Soothe

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Soothe
TypePrivate
IndustryHealth & Wellness
FoundedAugust 2013; 8 years ago (2013-08)
FounderMerlin Kauffman & Bradley Herman
Headquarters,
United States
Key people
John Ellis (CEO)
ServicesMassage, Skincare, Beauty
Websitewww.soothe.com

Soothe is a multi-national wellness service provider based out of Los Angeles, California. The company allows users to request the services of a massage therapist, [1][2] cosmetologists, and estheticians. Since its launch in 2014, the mostly mobile app-based company has received significant press coverage and has expanded its service area to include many cities and counties in the United States. It also provides services in Australia, Canada, the UK, Ireland, and Germany.[3]

History[edit]

Soothe was founded in August 2013. It was created by Merlin Kauffman,[4] CEO & cofounder,[5] and Bradley Herman, former CTO & cofounder.[6] Kauffman developed the idea behind the service while studying at the Harvard Business School.[7] He was a domain-name investor who started as a teenager.[4][8] As an adult, he invested four hundred thousand of his own money to start the business. The company first began operating in the Los Angeles area where it was based.[9]

As of December 2014, the service had 300 licensed massage therapists in Los Angeles and also covered Austin, Miami, Orange County, Phoenix and San Diego.[10] In August 2015, the company received $10.6 million in funding from The Riverside Company. By this point, the company had expanded to a total of 13 cities which included Chicago, Seattle, and San Francisco.[7] In its March 2016 Series B funding, the company raised an additional $35 million.[11] It had expanded to twenty-two areas in the US, including Atlanta and Indianapolis.[4] Soothe had a total of more than 3,200 massage therapists across the nation. It also operates at a loss and planned to continue to do so “for the foreseeable future”.[11] However, the company reported a monthly revenue of $1.2 million as of March 2016.[12]

As of April 2016, Soothe’s coverage area also included such cities as Houston, Minneapolis, Orlando, and Portland. It had also expanded services to Canada by including Vancouver, British Columbia.[13] The company also began servicing in Europe with London becoming the first city across the Atlantic.[14]

In July 2016, the company has signed-up corporate clients like Facebook, Hulu, and Microsoft. According to the company, the move was partly motivated by a desire to smooth-out demand and mitigate the spike in service requests outside of the regular nine to five corporate business hours.[15] By February 2017, the service was available in 51 cities in the US while also adding services to Toronto, Canada.[16] In summer 2017, the company launched two locations in Australia by expanding its services to Sydney and Melbourne.[17]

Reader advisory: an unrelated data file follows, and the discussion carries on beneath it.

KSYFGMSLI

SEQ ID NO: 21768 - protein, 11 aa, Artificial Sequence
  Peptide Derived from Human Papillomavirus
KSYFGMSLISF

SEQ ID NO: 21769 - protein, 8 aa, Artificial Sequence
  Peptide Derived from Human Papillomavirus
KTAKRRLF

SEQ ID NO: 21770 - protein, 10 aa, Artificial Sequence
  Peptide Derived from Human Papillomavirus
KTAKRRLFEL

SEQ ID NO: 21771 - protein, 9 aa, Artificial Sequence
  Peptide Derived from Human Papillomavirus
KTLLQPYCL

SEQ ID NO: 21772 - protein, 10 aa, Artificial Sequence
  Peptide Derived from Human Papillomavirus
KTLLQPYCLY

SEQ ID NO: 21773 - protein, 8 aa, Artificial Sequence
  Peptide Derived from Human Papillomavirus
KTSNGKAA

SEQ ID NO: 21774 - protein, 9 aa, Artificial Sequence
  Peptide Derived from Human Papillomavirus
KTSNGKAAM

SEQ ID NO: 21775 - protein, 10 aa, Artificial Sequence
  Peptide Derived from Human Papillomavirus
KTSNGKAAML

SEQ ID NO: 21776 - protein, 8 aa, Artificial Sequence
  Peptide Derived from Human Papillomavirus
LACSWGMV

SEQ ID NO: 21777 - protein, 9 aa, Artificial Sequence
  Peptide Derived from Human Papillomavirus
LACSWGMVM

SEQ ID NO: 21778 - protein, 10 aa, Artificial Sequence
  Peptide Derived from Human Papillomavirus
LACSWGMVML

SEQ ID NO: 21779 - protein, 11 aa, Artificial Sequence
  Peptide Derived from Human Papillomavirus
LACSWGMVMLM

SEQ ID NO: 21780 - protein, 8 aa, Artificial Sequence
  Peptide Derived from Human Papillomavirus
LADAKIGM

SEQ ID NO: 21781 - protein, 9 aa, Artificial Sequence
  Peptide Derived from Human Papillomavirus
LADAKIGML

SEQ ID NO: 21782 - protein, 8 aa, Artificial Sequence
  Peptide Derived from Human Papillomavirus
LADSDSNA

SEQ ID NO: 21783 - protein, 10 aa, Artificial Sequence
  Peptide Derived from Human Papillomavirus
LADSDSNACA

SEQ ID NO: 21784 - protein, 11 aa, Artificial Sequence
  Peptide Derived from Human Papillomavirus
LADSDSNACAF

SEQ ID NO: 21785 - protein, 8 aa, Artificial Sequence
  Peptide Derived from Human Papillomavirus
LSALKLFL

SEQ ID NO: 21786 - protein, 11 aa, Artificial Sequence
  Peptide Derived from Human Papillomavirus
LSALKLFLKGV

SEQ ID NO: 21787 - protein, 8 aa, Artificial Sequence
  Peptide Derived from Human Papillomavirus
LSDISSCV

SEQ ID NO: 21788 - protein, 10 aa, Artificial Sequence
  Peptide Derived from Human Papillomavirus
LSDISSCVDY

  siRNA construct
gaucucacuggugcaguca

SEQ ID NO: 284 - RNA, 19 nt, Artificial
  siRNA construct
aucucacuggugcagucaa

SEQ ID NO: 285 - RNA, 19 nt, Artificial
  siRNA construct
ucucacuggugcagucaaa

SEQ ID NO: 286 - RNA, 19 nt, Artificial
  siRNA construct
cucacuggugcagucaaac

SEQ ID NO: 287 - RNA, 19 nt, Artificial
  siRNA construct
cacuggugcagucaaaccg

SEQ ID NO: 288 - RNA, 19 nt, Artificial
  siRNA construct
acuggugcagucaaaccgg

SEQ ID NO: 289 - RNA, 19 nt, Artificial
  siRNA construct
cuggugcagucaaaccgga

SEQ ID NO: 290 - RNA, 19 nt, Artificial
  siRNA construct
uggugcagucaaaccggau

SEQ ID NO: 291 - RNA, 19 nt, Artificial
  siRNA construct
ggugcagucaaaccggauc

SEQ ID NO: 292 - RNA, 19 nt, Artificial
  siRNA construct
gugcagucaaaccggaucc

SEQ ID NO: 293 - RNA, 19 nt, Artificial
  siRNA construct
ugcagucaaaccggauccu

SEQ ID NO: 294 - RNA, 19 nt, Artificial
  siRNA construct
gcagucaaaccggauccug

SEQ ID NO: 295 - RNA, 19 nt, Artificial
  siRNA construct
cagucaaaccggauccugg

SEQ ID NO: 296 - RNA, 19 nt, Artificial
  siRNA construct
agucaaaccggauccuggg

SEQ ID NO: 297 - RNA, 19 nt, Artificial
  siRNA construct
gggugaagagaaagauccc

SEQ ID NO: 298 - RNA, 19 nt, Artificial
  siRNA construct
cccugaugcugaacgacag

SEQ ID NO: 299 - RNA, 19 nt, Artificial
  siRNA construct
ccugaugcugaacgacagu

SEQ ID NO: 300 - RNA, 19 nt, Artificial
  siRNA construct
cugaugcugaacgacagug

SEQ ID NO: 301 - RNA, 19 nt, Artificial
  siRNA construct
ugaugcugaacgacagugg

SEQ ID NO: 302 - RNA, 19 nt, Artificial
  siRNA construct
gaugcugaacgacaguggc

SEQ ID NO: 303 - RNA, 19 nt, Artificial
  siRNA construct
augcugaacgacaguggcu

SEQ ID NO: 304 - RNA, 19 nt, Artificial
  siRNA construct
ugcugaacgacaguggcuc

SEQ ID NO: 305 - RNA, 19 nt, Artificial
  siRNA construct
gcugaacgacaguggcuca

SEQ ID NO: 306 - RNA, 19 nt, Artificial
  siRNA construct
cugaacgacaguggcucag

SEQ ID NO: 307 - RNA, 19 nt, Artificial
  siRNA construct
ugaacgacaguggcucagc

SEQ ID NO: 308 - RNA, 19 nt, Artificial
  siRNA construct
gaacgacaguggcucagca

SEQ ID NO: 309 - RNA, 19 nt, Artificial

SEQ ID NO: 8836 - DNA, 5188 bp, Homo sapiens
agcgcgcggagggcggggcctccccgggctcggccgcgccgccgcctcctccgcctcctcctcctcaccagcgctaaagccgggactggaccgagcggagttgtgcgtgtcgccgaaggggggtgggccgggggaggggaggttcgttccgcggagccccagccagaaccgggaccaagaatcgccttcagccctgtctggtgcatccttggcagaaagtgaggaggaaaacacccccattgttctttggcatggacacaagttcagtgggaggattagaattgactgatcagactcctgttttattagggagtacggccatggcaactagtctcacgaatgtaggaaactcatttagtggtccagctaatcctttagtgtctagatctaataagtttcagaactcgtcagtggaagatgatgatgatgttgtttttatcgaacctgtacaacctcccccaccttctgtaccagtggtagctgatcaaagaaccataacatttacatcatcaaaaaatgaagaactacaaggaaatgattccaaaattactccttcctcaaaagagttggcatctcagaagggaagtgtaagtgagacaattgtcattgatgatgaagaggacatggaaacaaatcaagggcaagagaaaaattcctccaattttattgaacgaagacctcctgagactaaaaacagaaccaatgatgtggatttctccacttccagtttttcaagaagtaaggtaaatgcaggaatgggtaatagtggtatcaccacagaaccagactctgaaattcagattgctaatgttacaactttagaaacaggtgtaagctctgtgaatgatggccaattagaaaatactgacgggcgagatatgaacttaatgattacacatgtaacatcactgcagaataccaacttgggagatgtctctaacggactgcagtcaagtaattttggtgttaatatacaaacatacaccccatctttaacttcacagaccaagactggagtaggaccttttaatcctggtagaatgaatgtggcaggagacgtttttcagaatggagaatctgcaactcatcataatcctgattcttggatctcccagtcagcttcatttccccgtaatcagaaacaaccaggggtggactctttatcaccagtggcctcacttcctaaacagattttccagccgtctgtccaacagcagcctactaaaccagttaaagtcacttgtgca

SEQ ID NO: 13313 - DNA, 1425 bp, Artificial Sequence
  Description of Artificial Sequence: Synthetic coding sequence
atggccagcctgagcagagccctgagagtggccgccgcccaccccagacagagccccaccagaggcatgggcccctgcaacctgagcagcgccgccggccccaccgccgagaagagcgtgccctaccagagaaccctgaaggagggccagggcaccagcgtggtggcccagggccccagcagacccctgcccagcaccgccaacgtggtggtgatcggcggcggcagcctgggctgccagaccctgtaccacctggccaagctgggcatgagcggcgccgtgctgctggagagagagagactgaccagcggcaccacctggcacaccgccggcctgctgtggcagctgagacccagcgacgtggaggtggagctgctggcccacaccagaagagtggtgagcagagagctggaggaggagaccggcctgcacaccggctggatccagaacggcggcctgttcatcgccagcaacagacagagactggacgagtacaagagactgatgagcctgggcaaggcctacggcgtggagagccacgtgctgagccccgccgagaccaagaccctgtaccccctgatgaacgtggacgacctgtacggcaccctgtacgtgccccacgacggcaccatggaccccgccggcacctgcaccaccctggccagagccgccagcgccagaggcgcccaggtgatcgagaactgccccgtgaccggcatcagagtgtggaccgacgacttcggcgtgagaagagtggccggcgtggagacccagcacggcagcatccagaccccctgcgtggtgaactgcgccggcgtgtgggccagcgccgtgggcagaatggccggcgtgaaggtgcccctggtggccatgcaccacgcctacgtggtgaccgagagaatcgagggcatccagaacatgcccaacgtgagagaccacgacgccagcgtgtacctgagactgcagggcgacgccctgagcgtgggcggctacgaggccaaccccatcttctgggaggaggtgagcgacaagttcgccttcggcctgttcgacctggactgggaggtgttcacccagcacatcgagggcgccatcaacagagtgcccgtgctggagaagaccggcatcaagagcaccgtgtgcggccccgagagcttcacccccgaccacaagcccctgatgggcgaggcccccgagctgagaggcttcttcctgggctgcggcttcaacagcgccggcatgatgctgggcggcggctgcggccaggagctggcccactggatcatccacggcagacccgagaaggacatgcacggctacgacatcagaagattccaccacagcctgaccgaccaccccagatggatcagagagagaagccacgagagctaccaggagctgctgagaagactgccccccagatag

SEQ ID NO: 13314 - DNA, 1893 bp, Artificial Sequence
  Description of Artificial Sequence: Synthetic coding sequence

On May 2, 2018, Soothe raised $31 million in Series C funding from The Riverside Company.[18]

In January 2020, John Ellis was hired as CEO of Soothe.[19] He led the company's restructuring and expansion beyond massage into skincare and beauty services, and continues to manage Soothe's global growth into new markets and services.

References[edit]

  1. ^ Mitchell, Timothy (2016-05-05). "Now you can order a massage like Uber". New York Post. Retrieved 2017-09-11.
  2. ^ Eatough, Allison (2016-09-07). "On-demand apps, providers bring massage, makeup, hairstyling to your door". Baltimore Sun. Retrieved 2017-09-11.
  3. ^ Chang, Lulu (2017-09-13). "Soothe, the 'Uber for massage,' wants to bring pampering straight to your door". Digital Trends. Retrieved 2017-10-12.
  4. ^ a b c Bailey, Leslie (2016-03-22). "Indy native's app delivers massages to door". Indianapolis Star. Retrieved 2017-09-10.
  5. ^ Van Grove, Jennifer (2015-05-08). "Mother's Day gifts on demand". The San Diego Union-Tribune. Retrieved 2017-09-10.
  6. ^ "Soothe App - Uber for Massage - Now Trending on AngelList: Massage Delivered | Crowdfund Insider". Crowdfund Insider. 2014-09-23. Retrieved 2018-02-14.
  7. ^ a b Kokalitcheva, Kia. "Soothes raises $10.6 million for its on-demand massage service". Fortune. Retrieved 2017-09-10.
  8. ^ Lagorio-Chafkin, Christine (2016-04-01). "Welcome to the Billion-Dollar, Uber-for-Massages Industry". Inc. Retrieved 2017-09-10.
  9. ^ Cunningham, Caroline (2015-06-24). "Need a Massage RIGHT NOW? There's an App for That". Washingtonian. Retrieved 2017-09-10.
  10. ^ England-Nelson, Jordan (2014-12-15). "Massage app Soothe connects licensed massage therapists with clients". Daily Breeze. Retrieved 2017-09-10.
  11. ^ a b Solomon, Brian. "Soothe Raises $35 Million To Accelerate On-Demand Massage Growth". Forbes. Retrieved 2017-09-10.
  12. ^ Wang, Selina (2016-03-10). "On-Demand Massage Apps Are Thriving". Bloomberg.com. Retrieved 2017-09-10.
  13. ^ Rosenbloom, Stephanie (2016-04-26). "How to Bring the Hotel Spa to Your Airbnb". The New York Times. Retrieved 2017-09-10.
  14. ^ Gould, Wendy Rose (2016-07-27). "I Might Be Addicted to On-Demand Massage Apps". InStyle.com. Retrieved 2017-09-10.
  15. ^ McAlone, Nathan (2016-07-21). "This startup works with companies like Facebook and Microsoft to give employees on-demand massages". Business Insider. Retrieved 2017-09-10.
  16. ^ Bauso, Anne Olivia (2017-02-14). "Six apps that bring pampering services straight to your hotel room". Star-Telegram. Retrieved 2017-09-10.
  17. ^ Zuchetti, Adam (2017-06-13). "Real life: Scaling a business into a global empire". My Business. Retrieved 2017-09-10.
  18. ^ "Massage-on-demand company, Soothe, raises $31 million – TechCrunch". techcrunch.com. Retrieved 2018-05-02.
  19. ^ "On-Demand Wellness Company, Soothe, Appoints New CEO". www.salontoday.com. Retrieved 2021-05-05.

External links[edit]